He Who Darns My Socks
By The Seitz

"Will there be anything else Sir?"

"No Alfred, that's all," I tell him. Without a word he turns around and leaves, heading up the cave stairs to his room. We've worked it down to a science, the evening dismissal. Every night, "Will there be anything else Sir?" he will ask.

"No Alfred, that's all." I'll tell him, and then he'll go up the stairs.

We don't even say goodnight to each other anymore.

Part of me doesn't like that. We've been through so much together, and he's always been there for me, and whether I knew it or not, he's always tried to do what's best for me. But we've let our relationship dwindle to a routine, let it deteriorate to the point where it's okay that I've stopped even with common courtesies to him, my oldest friend and surrogate father.

My hero.


Where did that come from? I've never thought of Alfred as my hero before. He's been my keeper, my confidant, my friend and my most trusted ally. But my hero? Is it so strange?

I know I'm the hero of several. Dick loves me as his father and hero. Tim respects and cares for me as a hero, not to the level he gives Dick but I know I'm a close second. Cassandra. . .cares for Batman very deeply, worships him as her own personal hero and savior, but doesn't really know Bruce Wayne. Barbara stays with me out of some strange mixture of frustration and loyalty, but secretly she admires me as a hero.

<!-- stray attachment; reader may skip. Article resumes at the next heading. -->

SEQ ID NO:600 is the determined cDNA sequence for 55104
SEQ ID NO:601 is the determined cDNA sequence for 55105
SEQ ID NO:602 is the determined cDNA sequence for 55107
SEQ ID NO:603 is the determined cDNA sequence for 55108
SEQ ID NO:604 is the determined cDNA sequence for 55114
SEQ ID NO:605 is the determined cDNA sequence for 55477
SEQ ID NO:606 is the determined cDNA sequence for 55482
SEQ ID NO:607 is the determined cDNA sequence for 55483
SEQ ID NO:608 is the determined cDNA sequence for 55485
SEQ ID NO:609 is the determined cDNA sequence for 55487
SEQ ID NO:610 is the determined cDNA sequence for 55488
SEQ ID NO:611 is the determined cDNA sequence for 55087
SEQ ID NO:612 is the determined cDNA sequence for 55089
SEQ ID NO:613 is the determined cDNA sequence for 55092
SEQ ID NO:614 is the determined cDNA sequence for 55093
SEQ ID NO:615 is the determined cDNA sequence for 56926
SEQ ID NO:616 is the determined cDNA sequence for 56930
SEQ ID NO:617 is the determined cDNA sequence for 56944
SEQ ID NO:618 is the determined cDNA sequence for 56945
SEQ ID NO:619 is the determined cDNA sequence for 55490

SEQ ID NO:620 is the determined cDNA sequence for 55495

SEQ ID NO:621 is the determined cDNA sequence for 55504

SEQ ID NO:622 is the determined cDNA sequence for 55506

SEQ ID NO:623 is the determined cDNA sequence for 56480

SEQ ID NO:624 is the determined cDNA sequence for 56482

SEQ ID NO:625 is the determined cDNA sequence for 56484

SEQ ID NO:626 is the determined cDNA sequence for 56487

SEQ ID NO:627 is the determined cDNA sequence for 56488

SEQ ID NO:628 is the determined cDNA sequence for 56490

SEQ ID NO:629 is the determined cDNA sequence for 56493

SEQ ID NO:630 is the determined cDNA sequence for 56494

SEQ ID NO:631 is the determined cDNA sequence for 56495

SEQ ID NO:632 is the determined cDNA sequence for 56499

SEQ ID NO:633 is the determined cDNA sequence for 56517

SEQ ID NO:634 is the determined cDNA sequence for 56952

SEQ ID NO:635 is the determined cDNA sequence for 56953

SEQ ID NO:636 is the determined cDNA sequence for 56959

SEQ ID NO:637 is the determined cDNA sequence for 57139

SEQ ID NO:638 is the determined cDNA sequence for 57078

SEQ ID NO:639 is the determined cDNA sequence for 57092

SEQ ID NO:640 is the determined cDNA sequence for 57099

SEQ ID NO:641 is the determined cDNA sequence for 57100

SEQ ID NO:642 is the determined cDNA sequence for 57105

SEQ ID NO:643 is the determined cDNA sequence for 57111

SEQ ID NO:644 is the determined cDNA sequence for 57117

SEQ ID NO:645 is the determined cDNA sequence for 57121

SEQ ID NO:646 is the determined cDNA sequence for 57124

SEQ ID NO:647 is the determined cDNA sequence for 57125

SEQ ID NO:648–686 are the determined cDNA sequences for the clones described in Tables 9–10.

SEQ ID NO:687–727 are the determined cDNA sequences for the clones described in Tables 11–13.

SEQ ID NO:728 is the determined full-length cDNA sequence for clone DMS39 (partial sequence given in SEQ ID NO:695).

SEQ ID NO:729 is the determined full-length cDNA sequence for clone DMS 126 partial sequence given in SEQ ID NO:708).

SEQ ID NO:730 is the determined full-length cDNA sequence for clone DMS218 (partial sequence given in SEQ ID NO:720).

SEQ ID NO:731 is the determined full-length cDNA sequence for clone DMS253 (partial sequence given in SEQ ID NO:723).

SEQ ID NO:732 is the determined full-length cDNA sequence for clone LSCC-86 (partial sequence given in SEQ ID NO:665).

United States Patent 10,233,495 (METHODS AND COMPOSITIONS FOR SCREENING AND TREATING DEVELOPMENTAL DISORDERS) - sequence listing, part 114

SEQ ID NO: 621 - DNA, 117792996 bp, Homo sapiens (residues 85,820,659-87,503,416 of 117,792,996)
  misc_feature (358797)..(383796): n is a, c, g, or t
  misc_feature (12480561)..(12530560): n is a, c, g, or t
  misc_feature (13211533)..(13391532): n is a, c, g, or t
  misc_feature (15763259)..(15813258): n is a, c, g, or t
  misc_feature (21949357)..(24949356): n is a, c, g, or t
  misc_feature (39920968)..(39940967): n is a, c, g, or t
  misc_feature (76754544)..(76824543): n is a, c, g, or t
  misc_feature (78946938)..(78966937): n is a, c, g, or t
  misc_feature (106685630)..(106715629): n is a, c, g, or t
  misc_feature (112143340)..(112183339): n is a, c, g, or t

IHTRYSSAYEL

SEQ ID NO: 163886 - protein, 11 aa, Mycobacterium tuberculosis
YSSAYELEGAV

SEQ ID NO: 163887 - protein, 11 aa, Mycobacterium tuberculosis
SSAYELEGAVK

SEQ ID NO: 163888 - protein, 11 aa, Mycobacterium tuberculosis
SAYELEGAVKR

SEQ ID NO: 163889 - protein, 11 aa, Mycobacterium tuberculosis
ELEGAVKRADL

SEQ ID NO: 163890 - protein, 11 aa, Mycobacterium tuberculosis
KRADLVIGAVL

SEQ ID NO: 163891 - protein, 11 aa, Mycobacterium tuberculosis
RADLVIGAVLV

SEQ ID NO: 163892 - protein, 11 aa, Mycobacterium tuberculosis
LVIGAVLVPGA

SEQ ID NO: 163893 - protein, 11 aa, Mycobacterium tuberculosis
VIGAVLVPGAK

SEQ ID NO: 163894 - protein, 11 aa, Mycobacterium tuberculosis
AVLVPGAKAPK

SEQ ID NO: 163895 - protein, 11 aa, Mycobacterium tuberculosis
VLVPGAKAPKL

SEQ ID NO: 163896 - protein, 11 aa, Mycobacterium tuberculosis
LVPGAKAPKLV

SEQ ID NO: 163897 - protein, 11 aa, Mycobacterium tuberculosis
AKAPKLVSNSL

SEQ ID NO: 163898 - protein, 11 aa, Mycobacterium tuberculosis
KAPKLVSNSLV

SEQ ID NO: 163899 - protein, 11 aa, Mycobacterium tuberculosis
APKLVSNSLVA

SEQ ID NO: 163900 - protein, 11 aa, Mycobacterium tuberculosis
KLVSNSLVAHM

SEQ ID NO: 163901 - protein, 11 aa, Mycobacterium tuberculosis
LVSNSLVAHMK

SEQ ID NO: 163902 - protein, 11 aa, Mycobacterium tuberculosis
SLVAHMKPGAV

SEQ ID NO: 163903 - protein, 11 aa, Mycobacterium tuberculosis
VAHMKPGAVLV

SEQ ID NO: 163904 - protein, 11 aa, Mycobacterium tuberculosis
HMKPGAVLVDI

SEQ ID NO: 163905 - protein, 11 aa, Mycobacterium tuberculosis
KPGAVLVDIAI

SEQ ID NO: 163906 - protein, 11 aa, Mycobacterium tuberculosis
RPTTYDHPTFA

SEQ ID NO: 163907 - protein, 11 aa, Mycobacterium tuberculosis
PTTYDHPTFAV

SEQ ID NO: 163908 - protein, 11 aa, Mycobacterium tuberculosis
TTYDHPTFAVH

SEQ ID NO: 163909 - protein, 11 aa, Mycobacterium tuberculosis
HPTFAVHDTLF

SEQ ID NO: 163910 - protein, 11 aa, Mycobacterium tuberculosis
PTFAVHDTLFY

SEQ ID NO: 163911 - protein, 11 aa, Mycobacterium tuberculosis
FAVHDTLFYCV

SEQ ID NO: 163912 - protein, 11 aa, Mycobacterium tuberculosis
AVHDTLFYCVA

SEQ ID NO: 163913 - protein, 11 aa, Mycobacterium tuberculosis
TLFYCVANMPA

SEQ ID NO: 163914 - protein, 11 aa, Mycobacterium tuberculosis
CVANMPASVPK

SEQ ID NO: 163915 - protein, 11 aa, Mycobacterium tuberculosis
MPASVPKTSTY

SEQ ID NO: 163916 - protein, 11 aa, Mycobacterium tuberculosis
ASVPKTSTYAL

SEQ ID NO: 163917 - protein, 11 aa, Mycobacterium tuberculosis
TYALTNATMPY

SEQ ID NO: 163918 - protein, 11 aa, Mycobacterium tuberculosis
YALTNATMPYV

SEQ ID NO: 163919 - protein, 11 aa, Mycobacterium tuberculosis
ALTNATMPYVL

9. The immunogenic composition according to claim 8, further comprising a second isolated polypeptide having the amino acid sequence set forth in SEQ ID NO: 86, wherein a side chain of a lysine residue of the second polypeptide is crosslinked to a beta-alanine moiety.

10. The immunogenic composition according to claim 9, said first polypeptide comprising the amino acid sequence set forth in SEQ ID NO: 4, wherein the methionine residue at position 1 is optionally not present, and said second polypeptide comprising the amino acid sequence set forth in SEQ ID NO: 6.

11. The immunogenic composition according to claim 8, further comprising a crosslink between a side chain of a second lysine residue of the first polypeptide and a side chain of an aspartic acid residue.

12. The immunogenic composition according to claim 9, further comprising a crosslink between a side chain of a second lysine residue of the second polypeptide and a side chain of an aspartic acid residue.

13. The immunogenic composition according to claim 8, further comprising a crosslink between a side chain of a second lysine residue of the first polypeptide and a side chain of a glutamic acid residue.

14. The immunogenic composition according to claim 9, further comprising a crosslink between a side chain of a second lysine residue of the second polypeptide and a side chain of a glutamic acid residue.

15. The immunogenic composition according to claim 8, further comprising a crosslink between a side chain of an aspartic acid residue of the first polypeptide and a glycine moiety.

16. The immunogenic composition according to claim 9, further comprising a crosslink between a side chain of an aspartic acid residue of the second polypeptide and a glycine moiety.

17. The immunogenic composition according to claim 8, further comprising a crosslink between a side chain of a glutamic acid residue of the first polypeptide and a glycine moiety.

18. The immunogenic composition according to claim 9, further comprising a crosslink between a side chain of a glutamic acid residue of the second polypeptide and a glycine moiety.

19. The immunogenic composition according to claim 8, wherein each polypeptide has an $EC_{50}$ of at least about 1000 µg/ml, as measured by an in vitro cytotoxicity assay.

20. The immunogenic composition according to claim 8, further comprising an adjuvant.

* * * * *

But Alfred? The kids all worship him as their own personal hero. I'm never really looked at him like that. When I really think about it, he's done so much for me, saved my life so many times and brought me back from the brink of darkness, acting as my personal beacon of light.

My hero.

He's been a wealth of support and information, he was the one who showed me that I didn't need to hide my torn uniforms from him, he showed me they could be fixed, and it started out almost so innocently.

"Master Bruce?"


"You know you needn't hide your socks from me when you tear them. I know the wool is extra thick but it can be repaired easily enough."

"Alfred I real don't have time for . . .really?"

"Yes Sir."

"Oh. Thank you."

"You're most welcome Sir."


And he's taught me many things. How to become "Brucie," How to become Batman. He's been my everything, my safety, my light.

My hero.

Looking back at the computer I resolve to change what has happened between us. Tomorrow I will wish him a good night as he heads off to sleep. I realize I have to take advantage of this rare opportunity I've been given.

After all, how many people can say that they get to wish their heroes a good night?